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Why Are Complaints About Broadcast Smut Down?

Last year, the Federal Communications Commission, or FCC, which oversees American TV and radio, received 233,000 consumer complaints about indecency and obscenity on the air. What's remarkable is that this was a whopping 84 percent FEWER complaints than the agency got in 2004.

Is smut so much a part of TV and radio programming that people don't notice it any more? Or is there less of it to complain about? Here's what industry analysts are saying:

2004 was the year of the infamous Super Bowl football broadcast, in which singers Justin Timberlake and Janet Jackson sang a suggestive song during which one of Ms. Jackson's breasts was exposed. For a lot of Americans, including organized parents' groups, that was the last straw -- the bellwether event that proved the moral decay of broadcast media.

More than 200,000 protests poured into the FCC about that incident alone. And in those days, syndicated radio disc jockeys were skirting, and sometimes crossing, the fine line between suggestive banter and raunchiness.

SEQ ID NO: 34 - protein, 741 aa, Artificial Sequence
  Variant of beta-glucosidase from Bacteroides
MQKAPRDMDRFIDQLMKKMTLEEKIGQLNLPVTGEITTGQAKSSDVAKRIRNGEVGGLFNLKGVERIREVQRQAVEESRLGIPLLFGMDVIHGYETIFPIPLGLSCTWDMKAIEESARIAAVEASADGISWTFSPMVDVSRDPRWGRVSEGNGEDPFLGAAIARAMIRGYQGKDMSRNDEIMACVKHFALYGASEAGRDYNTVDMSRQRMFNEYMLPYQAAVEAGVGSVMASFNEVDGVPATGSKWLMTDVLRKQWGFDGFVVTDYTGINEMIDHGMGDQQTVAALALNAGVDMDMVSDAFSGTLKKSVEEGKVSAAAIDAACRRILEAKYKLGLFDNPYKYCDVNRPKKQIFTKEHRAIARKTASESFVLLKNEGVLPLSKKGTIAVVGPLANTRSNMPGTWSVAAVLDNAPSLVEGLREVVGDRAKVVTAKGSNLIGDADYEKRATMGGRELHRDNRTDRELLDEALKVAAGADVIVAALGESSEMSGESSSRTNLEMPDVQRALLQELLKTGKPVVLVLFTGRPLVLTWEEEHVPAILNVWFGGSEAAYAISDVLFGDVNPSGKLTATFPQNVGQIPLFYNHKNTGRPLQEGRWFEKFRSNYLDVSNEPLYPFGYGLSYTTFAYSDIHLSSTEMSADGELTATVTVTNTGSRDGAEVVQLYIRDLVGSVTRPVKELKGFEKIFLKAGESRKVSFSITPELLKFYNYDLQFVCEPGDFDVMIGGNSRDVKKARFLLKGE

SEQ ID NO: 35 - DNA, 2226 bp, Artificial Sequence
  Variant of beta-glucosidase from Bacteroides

Since then, the Super Bowl has reverted to tamer entertainment. The most provocative national DJs have moved to adult-oriented satellite radio. The FCC has slapped broadcast networks and stations with fines for offensive programming. Several on-air personalities who rely on ribald material have been fired. Parents are learning how to block stations they don't want their children to see. And networks now employ what's called a "dump button" that erases offensive language and gestures, even on live broadcasts, before viewers can see them.

These aren't the innocent old days when shows about heroic dogs and wholesome families filled the air. But TV and radio have been chastened enough that an 84 percent drop in indecency complaints makes sense.